• In the DataAnomalies folder, a raster for each date Anomalies_YYYY-MM-DD.tif whose value is 1 where anomalies are detected.

## How to use

### From a script

from fordead.steps.step3_dieback_detection import dieback_detection
dieback_detection(data_directory = <data_directory>)


### From the command line

fordead dieback_detection [OPTIONS]


See detailed documentation on the site

## How it works

### Importing information on previous processes and deleting obsolete results if they exist

The informations about the previous processes are imported (parameters, data paths, used dates...). If the parameters used have been modified, all the results from this step onwards are deleted. Thus, unless the parameters have been modified or this is the first time this step is performed, the detection of dieback is updated using only with the new SENTINEL dates.

Functions used: TileInfo(), TileInfo class methods import_info(), add_parameters(), delete_dirs()

### Importing the results of the previous steps

The coefficients of the vegetation index prediction model are imported, as well as the array containing the index of the first date used for the detection. The arrays containing the information related to the detection of diebacks (state of the pixels, number of successive anomalies, index of the date of the first anomaly) are initialized if the step is used for the first time, or imported if it is an update of the detection.

### (OPTIONAL - if correct_vi is True in previous model calculation step Correction of the vegetation index using the median vegetation index of the unmasked pixels of interest across the entire area

• Masking of the pixels not belonging to the area of interest, or masked
• Calculation of the median vegetation index on the remaining pixels of the whole area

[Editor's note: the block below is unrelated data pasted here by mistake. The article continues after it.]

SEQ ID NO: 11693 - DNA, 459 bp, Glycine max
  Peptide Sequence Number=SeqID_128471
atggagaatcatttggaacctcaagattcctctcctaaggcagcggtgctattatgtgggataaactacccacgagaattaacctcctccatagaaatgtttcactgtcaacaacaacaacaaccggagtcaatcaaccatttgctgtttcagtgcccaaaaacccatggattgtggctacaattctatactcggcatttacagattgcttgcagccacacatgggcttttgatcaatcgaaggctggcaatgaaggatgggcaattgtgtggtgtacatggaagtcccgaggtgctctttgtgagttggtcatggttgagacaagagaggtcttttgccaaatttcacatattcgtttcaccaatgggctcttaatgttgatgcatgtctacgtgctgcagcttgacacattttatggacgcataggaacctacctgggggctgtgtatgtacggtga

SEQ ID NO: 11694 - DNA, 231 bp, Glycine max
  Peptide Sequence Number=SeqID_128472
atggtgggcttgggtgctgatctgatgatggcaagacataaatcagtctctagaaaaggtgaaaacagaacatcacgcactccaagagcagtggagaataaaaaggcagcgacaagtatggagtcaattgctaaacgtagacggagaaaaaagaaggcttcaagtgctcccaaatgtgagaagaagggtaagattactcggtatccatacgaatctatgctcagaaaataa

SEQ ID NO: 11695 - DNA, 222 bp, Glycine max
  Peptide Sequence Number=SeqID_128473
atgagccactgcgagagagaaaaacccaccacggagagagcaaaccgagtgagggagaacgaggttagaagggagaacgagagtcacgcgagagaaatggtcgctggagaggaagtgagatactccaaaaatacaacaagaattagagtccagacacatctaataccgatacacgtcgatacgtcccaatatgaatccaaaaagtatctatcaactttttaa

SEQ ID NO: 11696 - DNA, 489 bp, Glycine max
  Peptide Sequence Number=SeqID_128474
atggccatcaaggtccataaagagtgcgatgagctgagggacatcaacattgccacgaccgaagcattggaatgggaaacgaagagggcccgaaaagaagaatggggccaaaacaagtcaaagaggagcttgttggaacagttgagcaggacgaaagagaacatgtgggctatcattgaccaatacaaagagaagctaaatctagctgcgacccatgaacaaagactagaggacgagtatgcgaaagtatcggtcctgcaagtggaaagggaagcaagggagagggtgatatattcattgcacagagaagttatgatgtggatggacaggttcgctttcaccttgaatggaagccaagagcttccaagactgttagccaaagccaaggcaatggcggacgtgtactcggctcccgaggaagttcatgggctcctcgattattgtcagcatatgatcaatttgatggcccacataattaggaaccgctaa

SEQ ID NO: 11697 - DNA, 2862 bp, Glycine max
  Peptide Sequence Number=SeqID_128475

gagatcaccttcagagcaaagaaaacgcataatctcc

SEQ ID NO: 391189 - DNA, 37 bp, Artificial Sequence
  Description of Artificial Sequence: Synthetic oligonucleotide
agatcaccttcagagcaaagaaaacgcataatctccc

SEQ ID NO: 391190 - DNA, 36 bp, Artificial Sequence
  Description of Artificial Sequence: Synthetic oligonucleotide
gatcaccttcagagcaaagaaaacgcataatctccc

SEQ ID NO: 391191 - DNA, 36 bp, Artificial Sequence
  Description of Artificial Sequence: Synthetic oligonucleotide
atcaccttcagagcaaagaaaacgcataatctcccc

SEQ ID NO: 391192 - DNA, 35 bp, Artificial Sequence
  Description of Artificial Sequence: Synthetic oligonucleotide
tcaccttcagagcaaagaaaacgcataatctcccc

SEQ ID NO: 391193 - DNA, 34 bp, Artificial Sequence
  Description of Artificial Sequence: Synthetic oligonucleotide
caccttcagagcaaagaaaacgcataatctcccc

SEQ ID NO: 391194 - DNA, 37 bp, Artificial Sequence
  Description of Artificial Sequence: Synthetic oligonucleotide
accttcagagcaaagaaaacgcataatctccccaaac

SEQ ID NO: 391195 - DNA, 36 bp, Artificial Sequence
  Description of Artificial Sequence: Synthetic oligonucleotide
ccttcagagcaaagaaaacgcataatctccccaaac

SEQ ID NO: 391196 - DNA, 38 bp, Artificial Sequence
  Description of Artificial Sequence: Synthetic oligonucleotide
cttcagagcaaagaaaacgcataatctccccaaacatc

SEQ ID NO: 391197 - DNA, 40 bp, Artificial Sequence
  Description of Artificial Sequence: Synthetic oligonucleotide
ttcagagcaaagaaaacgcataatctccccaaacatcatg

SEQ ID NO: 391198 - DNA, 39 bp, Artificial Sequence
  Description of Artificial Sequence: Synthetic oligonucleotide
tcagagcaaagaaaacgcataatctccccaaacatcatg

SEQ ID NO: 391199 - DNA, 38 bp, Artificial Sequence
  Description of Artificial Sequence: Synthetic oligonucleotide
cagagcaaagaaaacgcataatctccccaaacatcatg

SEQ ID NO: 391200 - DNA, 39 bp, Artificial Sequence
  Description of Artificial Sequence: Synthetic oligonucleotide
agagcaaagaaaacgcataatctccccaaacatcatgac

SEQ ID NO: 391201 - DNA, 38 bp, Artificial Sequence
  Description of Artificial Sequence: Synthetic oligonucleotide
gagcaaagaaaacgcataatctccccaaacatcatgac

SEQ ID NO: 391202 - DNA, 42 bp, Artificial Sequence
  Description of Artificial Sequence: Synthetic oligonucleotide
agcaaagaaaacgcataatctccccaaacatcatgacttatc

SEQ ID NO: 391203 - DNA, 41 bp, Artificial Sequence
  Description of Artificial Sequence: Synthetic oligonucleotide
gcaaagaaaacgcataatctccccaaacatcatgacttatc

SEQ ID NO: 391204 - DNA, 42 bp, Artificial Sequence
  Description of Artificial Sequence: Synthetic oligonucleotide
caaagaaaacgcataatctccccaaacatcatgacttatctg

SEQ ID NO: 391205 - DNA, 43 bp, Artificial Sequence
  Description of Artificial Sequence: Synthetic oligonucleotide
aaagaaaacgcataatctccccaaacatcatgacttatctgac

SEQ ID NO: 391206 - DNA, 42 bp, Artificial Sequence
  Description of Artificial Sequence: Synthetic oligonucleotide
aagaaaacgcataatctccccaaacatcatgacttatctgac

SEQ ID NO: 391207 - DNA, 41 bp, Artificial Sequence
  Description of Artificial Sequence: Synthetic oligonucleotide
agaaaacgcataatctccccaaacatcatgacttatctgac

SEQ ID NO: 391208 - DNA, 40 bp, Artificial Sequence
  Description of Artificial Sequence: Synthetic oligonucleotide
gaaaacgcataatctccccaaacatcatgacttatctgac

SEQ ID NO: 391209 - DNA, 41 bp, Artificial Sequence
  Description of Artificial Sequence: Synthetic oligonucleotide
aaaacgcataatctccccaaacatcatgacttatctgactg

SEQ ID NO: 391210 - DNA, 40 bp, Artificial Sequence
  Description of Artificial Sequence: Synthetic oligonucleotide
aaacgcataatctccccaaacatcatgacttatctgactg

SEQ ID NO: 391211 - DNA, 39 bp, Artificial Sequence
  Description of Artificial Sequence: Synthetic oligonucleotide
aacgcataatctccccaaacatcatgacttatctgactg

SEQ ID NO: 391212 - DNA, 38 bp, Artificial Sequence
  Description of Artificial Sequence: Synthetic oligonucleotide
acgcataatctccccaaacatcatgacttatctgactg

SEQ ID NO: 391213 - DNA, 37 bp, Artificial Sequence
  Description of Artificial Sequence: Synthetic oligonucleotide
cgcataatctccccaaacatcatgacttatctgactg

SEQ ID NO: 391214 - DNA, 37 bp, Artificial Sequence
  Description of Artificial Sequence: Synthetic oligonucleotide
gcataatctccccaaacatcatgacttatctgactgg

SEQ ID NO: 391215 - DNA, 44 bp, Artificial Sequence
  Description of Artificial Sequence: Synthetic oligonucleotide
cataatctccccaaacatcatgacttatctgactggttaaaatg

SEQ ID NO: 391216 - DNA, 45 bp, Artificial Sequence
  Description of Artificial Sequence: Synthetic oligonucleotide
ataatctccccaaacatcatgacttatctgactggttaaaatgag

• Calculation of a correction term, by difference between the calculated median and the prediction of the model calculated during the previous step from the median calculated for all the dates
• Application of the correction term by adding it to the value of the vegetation index of every pixel

Functions used: correct_vi_date()

#### Prediction of the vegetation index at the given date.

The vegetation index is predicted from the model coefficients.

Functions used: prediction_vegetation_index()

#### Anomaly detection

Anomalies are detected by comparing the vegetation index with its prediction. Knowing whether the vegetation index is expected to increase or decrease in case of dieback, anomalies are detected where the difference between the index and its prediction is greater than threshold_anomaly in the direction of expected change in case of dieback.

Functions used: detection_anomalies()

#### Detection of dieback

The successive anomalies are counted, the pixel is considered suffering from dieback if there are three successive anomalies. If the pixel is considered as suffering from dieback, the successive dates without anomalies are counted instead, and the pixel is not considered as suffering from dieback anymore if there are three successive dates without anomalies,

Functions used: detection_dieback()

#### Saving stress periods information (OPTIONAL - if stress_index_mode is not None)

The rasters containing stress periods information are updated, the number of stress periods is updated when pixels return to normal. When changes of state are confirmed, the first date of anomaly or return to normal is saved. For each date, the number of dates within stress periods is updated if the pixel is unmasked and in a stress period. The difference between the vegetation index and its prediction is added to the cum_diff_stress raster, after being multiplied be the number of the date if stress_index_mode is "weighted_mean".

Functions used: save_stress()

### The stress index is calculated

If stress_index_mode is "mean", the stress index raster is the cum_diff_stress raster divided by the nb_dates_stress raster If stress_index_mode is "weighted_mean", the stress index raster is the cum_diff_stress raster divided by the sum of the weights (1+2+3+...+ nb_dates_stress)

### Writing the results The information related to the detection of dieback, stress data and stress indices are written. All parameters, data paths and dates used are also saved.

Functions used: write_tif(),